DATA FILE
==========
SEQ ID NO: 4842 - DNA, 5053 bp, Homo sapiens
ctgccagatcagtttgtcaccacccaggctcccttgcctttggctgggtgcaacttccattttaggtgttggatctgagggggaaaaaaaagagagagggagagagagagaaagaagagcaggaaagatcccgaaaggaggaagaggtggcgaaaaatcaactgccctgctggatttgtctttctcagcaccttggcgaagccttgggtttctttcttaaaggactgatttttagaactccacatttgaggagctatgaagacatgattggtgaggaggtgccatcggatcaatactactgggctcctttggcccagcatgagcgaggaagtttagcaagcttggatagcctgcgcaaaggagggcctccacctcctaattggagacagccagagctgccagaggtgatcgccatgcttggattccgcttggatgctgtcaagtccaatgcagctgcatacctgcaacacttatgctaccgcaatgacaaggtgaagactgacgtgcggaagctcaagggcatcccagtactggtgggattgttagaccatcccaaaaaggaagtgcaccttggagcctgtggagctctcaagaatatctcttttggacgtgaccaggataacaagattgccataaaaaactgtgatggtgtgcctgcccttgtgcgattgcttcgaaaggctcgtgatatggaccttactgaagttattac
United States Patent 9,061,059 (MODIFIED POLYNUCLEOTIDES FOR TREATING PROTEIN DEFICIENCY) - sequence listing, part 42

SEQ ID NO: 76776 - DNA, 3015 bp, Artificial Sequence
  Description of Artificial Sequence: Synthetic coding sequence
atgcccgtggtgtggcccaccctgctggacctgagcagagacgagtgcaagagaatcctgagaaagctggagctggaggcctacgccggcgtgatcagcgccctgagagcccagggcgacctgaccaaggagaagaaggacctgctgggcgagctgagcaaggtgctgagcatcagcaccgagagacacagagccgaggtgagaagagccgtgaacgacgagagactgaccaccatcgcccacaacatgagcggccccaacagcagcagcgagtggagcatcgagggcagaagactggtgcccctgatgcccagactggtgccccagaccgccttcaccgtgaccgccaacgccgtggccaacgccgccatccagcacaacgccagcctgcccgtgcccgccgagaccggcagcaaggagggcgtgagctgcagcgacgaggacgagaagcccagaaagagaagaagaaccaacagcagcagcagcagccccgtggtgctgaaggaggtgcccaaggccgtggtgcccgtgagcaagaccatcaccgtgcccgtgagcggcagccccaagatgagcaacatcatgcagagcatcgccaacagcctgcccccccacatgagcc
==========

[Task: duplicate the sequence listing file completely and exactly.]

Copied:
SEQ ID NO: 4842 - DNA, 5053 bp, Homo sapiens
ctgccagatcagtttgtcaccacccaggctcccttgcctttggctgggtgcaacttccattttaggtgttggatctgagggggaaaaaaaagagagagggagagagagagaaagaagagcaggaaagatcccgaaaggaggaagaggtggcgaaaaatcaactgccctgctggatttgtctttctcagcaccttggcgaagccttgggtttctttcttaaaggactgatttttagaactccacatttgaggagctatgaagacatgattggtgaggaggtgccatcggatcaatactactgggctcctttggcccagcatgagcgaggaagtttagcaagcttggatagcctgcgcaaaggagggcctccacctcctaattggagacagccagagctgccagaggtgatcgccatgcttggattccgcttggatgctgtcaagtccaatgcagctgcatacctgcaacacttatgctaccgcaatgacaaggtgaagactgacgtgcggaagctcaagggcatcccagtactggtgggattgttagaccatcccaaaaaggaagtgcaccttggagcctgtggagctctcaagaatatctcttttggacgtgaccaggataacaagattgccataaaaaactgtgatggtgtgcctgcccttgtgcgattgcttcgaaaggctcgtgatatggaccttactgaagttattac
United States Patent 9,061,059 (MODIFIED POLYNUCLEOTIDES FOR TREATING PROTEIN DEFICIENCY) - sequence listing, part 42

SEQ ID NO: 76776 - DNA, 3015 bp, Artificial Sequence
  Description of Artificial Sequence: Synthetic coding sequence
atgcccgtggtgtggcccaccctgctggacctgagcagagacgagtgcaagagaatcctgagaaagctggagctggaggcctacgccggcgtgatcagcgccctgagagcccagggcgacctgaccaaggagaagaaggacctgctgggcgagctgagcaaggtgctgagcatcagcaccgagagacacagagccgaggtgagaagagccgtgaacgacgagagactgaccaccatcgcccacaacatgagcggccccaacagcagcagcgagtggagcatcgagggcagaagactggtgcccctgatgcccagactggtgccccagaccgccttcaccgtgaccgccaacgccgtggccaacgccgccatccagcacaacgccagcctgcccgtgcccgccgagaccggcagcaaggagggcgtgagctgcagcgacgaggacgagaagcccagaaagagaagaagaaccaacagcagcagcagcagccccgtggtgctgaaggaggtgcccaaggccgtggtgcccgtgagcaagaccatcaccgtgcccgtgagcggcagccccaagatgagcaacatcatgcagagcatcgccaacagcctgcccccccacatgagcc